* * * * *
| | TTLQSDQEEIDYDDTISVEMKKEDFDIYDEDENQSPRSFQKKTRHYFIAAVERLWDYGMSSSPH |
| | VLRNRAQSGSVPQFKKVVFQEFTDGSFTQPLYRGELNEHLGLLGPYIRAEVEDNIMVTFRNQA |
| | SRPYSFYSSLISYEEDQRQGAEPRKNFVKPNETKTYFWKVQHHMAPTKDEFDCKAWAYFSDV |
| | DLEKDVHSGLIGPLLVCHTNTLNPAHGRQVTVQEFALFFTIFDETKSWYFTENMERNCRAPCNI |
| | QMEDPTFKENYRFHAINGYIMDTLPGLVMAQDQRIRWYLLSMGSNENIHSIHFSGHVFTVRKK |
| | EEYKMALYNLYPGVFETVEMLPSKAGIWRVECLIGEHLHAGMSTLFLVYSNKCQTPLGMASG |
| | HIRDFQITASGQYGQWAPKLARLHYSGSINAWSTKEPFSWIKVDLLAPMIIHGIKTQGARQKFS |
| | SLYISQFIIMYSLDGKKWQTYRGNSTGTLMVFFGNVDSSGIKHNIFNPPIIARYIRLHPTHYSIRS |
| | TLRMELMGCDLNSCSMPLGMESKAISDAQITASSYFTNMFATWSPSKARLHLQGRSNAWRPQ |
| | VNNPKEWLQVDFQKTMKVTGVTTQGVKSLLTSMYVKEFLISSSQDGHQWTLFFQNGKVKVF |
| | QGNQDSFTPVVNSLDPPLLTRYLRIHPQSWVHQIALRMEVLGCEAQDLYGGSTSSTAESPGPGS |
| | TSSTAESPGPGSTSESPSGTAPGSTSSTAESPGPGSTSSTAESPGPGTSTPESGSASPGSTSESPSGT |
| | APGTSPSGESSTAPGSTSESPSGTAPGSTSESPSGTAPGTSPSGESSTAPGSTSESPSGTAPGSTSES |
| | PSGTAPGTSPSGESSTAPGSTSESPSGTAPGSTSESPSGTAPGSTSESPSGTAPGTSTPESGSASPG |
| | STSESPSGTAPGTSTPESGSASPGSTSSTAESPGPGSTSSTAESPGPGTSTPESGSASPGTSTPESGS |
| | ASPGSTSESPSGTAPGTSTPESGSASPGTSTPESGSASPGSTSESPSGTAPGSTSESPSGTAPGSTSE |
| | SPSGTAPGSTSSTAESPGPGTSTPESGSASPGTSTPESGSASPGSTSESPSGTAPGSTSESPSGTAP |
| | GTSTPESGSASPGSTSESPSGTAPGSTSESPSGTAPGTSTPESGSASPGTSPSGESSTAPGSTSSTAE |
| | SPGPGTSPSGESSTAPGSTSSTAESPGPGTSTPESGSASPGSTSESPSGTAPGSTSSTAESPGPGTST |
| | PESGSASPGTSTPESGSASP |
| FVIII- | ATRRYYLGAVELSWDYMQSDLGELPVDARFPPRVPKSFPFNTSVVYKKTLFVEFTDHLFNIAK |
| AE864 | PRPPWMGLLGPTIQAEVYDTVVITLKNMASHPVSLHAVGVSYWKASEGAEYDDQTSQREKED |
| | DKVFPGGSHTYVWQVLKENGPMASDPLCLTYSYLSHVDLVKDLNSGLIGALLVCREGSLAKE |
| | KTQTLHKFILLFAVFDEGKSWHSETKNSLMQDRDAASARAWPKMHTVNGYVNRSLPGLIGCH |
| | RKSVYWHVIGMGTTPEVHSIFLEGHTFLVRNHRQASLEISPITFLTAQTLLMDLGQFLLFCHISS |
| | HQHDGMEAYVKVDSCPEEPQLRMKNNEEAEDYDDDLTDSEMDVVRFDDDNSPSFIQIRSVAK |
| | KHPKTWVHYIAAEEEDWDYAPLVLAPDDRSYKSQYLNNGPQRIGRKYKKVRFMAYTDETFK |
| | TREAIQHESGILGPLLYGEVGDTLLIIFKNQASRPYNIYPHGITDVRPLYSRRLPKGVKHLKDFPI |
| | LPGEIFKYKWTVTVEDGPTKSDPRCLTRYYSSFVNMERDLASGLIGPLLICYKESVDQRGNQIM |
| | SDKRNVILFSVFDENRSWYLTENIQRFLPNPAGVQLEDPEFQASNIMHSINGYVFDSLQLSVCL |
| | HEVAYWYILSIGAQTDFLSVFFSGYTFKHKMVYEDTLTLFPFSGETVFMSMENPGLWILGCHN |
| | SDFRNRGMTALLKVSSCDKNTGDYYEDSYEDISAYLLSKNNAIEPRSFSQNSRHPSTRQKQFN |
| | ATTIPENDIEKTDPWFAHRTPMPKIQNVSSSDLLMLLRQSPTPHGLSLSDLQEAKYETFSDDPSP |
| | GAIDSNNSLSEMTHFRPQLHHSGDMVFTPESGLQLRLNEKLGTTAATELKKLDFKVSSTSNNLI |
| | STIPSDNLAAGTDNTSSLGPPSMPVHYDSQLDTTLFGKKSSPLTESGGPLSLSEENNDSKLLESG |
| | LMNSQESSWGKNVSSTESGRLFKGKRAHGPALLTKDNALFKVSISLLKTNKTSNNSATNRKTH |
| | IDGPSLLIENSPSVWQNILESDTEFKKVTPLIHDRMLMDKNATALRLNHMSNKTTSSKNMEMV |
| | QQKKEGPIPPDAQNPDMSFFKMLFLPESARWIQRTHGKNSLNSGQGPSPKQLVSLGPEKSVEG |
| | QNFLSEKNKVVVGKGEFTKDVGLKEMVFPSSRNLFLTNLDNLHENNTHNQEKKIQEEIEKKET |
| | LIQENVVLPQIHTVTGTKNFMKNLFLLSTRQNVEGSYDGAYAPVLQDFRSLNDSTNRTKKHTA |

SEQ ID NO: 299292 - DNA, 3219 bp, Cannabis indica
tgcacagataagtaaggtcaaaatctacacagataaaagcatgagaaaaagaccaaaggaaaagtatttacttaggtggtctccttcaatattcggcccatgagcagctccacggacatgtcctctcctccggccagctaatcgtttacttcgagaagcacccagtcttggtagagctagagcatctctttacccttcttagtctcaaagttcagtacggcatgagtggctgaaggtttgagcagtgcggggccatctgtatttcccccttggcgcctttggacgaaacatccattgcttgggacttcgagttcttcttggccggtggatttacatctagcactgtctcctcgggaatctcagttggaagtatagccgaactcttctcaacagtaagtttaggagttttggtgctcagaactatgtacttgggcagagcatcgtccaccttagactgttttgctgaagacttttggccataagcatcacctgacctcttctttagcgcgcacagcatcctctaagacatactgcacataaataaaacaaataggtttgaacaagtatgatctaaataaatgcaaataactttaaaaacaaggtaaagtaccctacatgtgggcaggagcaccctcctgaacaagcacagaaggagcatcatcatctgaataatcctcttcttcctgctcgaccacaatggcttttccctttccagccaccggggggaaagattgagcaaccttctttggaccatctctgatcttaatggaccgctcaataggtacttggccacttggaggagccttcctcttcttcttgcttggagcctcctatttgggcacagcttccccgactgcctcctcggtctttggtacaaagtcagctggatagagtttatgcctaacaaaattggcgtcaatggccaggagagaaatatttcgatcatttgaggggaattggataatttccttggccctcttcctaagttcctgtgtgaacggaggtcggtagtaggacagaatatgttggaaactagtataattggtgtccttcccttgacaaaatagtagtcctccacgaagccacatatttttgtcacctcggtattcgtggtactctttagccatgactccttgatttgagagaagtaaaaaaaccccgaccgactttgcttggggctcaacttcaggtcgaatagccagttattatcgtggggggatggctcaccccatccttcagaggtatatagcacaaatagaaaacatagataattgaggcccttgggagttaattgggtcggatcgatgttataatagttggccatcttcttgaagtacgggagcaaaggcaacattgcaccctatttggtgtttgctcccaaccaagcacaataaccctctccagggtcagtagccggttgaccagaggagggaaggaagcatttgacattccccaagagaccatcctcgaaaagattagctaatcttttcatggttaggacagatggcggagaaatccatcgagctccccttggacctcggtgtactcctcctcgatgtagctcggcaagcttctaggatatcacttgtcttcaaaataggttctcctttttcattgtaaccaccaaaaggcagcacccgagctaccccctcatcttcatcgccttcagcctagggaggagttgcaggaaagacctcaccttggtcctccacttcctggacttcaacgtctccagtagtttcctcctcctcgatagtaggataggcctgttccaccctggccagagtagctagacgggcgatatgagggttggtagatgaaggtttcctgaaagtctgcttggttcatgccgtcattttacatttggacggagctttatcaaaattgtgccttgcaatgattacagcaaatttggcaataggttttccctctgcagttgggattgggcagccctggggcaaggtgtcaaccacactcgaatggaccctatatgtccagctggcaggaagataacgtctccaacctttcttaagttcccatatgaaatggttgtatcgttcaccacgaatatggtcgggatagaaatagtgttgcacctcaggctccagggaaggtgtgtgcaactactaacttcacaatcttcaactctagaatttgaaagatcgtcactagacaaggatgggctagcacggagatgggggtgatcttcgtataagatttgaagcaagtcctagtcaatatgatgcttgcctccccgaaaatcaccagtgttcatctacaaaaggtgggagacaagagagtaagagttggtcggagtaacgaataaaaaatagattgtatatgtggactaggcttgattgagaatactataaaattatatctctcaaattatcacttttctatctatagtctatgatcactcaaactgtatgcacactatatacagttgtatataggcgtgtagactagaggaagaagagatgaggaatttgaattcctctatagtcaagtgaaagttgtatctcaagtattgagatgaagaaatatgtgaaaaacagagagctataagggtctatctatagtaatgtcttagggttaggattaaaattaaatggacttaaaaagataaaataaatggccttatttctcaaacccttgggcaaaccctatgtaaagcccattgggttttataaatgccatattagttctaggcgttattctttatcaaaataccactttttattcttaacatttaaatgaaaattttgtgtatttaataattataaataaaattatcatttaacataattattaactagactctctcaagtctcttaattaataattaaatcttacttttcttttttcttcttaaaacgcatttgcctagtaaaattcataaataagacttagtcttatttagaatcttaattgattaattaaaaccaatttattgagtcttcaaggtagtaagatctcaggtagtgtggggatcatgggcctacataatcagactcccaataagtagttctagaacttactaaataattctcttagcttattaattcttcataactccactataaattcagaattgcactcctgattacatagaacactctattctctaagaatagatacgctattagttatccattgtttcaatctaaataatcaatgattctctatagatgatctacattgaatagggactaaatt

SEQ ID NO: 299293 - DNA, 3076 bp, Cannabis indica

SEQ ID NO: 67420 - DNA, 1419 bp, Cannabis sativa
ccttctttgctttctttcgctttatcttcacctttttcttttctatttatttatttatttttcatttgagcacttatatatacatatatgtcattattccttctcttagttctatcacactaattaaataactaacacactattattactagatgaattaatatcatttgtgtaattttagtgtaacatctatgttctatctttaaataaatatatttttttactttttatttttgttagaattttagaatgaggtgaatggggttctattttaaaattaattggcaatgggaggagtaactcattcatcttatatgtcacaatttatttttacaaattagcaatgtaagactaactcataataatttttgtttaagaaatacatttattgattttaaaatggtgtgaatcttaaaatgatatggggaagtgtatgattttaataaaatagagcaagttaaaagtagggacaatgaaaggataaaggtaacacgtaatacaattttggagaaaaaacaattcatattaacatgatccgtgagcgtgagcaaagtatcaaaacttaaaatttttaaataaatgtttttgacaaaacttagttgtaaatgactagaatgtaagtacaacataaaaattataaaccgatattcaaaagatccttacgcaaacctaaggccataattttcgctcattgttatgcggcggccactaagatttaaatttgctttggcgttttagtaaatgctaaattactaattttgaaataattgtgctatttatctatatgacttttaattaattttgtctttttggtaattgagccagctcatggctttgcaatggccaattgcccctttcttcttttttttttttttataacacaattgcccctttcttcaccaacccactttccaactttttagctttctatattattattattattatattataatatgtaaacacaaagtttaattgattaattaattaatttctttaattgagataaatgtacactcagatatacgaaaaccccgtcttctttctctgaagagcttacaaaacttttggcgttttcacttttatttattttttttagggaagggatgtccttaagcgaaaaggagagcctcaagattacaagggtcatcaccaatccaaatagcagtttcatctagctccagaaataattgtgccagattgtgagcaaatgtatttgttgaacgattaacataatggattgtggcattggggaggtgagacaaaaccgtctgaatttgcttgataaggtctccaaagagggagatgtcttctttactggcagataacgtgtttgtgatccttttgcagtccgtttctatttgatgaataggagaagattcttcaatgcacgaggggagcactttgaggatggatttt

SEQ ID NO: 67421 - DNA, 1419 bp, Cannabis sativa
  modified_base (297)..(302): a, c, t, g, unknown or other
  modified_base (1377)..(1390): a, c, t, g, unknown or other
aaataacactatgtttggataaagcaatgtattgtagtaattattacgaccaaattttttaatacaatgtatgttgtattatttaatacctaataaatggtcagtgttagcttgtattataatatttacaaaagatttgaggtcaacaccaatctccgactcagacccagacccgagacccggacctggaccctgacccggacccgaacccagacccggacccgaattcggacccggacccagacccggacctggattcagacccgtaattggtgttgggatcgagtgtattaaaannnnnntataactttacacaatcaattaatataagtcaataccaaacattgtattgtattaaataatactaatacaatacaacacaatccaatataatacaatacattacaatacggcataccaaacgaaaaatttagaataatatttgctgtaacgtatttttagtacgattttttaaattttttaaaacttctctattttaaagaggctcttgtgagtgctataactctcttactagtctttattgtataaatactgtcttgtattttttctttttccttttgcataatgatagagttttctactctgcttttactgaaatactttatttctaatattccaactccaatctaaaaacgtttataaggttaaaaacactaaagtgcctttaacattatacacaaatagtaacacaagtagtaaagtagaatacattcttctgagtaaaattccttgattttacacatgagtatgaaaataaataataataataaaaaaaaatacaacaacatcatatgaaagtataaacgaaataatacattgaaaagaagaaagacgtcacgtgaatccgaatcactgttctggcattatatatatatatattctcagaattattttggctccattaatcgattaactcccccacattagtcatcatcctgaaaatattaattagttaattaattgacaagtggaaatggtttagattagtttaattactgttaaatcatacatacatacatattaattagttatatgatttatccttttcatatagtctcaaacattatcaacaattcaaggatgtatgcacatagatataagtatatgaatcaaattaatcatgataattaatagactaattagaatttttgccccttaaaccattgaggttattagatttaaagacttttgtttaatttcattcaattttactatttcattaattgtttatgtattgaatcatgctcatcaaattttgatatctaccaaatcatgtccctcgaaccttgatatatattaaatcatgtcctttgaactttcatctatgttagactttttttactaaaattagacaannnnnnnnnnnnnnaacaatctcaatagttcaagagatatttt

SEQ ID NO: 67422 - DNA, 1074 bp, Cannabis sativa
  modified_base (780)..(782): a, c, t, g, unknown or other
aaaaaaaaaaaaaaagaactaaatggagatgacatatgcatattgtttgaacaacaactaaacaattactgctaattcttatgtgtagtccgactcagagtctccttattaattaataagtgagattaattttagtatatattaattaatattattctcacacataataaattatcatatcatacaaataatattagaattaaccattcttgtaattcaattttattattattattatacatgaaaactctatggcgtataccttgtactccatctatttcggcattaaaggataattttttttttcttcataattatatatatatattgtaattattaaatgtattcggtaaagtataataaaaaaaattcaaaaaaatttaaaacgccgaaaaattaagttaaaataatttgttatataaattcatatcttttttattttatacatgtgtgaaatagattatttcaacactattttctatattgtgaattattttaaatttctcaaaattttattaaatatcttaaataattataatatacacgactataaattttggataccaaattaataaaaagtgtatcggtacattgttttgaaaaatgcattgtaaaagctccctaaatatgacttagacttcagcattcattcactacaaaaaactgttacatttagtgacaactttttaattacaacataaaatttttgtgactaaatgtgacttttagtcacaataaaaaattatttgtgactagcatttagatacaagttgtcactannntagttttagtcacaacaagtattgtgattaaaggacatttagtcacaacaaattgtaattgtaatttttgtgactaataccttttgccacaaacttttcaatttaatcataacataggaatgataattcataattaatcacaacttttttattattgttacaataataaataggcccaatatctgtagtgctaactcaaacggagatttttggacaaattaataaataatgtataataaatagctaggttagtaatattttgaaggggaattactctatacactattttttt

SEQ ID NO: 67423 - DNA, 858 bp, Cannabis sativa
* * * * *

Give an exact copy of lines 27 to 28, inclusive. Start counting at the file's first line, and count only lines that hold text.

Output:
| | KHPKTWVHYIAAEEEDWDYAPLVLAPDDRSYKSQYLNNGPQRIGRKYKKVRFMAYTDETFK |
| | TREAIQHESGILGPLLYGEVGDTLLIIFKNQASRPYNIYPHGITDVRPLYSRRLPKGVKHLKDFPI |